ChatGPT lands on Android in the United States – here’s how to use it

After a short pre-registration period, ChatGPT on Android is going live in select countries as developer OpenAI finally ends the head start given to iOS users. 

If you live in either the US, India, Bangladesh, or Brazil, you can now install the app from the Google Play Store onto your phone. Everyone else will have to wait a bit. The official OpenAI Twitter account states that its Android service will roll out to other global regions within the coming week.

The first thing you may notice upon downloading the app is it functions pretty much like ChatGPT on desktop or on iPhones. It’s the same generative AI service where you can ask it whatever question you may or ask for some pieces of advice. There are two ways to interact with the ChatGPT, either through typing in a text prompt or saying a voice comment through the in-app speech recognition feature. 

You can create a new login for the mobile AI, but you can sign in with a previously made account if you wish. All of your past prompts and history with ChatGPT will be found on the Android version. So don’t worry about missing a beat. 

ChatGPT on Android

(Image credit: OpenAI)


The Settings menu does contain a couple of notable features that we should mention. Under Data Controls, users can select to share their chat history with the company to train their AI or deny the developer permission. There’s a way to export data into a separate file so you can then upload the information onto another account. Also, it’s possible to wipe out your chat history as well as delete your account.

It appears there are plans to one day introduce ChatGPT Plus to Android. This is a subscription service offering a number of things such as priority access during times of high demand to new features like access to the more advanced GPT-4 model. It’s unknown when ChatGPT Plus will arrive. We reached out to OpenAI for more info. This story will be updated at a later time.

ChatGPT on Android

(Image credit: OpenAI)

There isn’t much in the way of restrictions for ChatGPT on Android. At the very least, your device does need to be running Android 6, which came out in 2015. So as long as you own a phone made within the last decade or so, you can try out the app.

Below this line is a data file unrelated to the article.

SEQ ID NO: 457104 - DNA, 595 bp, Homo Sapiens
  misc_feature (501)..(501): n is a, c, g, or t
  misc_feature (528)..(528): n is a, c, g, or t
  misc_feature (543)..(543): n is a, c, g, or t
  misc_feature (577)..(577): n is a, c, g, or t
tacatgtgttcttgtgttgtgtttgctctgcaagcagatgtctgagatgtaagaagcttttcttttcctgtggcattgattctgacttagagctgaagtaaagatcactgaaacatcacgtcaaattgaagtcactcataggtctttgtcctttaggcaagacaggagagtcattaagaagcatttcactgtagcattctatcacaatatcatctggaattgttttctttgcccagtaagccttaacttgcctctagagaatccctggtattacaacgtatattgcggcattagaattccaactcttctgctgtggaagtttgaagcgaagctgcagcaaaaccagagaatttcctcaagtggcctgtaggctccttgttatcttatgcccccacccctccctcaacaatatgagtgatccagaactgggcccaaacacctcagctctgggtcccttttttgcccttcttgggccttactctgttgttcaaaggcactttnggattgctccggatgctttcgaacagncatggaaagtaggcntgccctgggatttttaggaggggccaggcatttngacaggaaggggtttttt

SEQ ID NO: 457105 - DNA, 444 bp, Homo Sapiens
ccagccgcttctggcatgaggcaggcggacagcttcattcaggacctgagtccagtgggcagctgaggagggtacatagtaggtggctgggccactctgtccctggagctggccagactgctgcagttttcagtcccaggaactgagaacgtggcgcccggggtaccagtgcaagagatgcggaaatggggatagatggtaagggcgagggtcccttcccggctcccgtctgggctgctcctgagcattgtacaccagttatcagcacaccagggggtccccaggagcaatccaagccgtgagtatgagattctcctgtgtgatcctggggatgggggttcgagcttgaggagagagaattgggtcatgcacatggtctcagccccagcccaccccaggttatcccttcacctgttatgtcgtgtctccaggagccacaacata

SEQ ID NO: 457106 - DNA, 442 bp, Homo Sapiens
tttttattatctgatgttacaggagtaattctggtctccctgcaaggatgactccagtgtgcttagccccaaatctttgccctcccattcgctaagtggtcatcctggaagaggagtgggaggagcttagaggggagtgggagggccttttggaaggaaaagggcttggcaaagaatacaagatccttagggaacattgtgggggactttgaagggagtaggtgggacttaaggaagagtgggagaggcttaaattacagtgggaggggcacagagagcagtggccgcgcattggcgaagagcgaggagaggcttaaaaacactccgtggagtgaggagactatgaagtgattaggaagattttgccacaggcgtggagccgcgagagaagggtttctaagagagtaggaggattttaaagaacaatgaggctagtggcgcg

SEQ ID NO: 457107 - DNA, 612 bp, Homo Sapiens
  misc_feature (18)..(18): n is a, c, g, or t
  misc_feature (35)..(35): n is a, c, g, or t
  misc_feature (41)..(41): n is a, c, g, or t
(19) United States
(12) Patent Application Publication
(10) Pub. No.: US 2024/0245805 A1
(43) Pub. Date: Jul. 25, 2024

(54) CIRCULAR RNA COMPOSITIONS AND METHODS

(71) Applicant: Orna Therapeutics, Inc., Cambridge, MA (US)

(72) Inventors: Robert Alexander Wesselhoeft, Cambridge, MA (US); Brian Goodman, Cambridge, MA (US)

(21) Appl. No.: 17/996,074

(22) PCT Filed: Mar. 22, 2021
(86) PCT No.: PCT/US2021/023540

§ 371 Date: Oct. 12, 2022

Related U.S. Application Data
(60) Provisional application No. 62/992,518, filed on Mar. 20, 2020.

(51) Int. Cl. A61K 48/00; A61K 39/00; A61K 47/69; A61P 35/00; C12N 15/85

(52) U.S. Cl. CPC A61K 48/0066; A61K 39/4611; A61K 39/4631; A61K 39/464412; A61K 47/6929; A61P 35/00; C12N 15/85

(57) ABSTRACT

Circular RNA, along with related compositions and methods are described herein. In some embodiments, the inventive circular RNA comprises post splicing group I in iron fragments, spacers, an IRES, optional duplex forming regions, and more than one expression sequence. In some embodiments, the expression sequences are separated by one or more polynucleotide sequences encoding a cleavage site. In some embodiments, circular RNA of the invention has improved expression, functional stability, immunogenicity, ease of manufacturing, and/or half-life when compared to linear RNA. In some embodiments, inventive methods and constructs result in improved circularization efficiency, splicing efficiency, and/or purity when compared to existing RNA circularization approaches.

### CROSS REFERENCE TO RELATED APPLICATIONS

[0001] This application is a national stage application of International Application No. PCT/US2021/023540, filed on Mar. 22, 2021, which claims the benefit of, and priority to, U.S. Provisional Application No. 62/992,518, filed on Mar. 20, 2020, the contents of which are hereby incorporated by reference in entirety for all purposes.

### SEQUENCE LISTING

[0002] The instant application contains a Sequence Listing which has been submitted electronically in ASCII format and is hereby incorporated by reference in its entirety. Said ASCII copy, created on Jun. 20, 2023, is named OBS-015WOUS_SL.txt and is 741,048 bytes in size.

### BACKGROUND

Major milestone

This launch is a very important milestone for the company as Android is actually the world’s most popular operating system. As of June 2023, Android makes up a little over 40 percent of the total OS market share followed by Windows at 28 percent then iOS at nearly 17 percent. It is nothing short of a behemoth in the industry. 

With the release, we can’t help but wonder how this will affect people’s lives. OpenAI is potentially introducing a transformative (yet controversial) piece of tech to people who’ve never used it before. 

On one hand, the chatbot can help vast amounts of users learn new topics or get advice based on information pulled from experts. It’s a more conversational and relaxed experience compared to figuring out how to get the response you want from a search engine. However, you do run into the risk of people becoming misinformed about a topic due to a hallucination. AIso, outputting false information remains the elephant in the room for much of the generative AI industry. The major players are making an effort to solve this problem; although it's unknown when hallucinations will finally become a thing of the past.

To get an idea on ways AI can help us, check out TechRadar’s list of the best AI tools for 2023

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Apple Pay Later is finally rolling out for a chosen few across 45 US states

After suffering through multiple delays, Apple Pay Later is finally touching down as it begins rolling out to randomly selected users across the United States.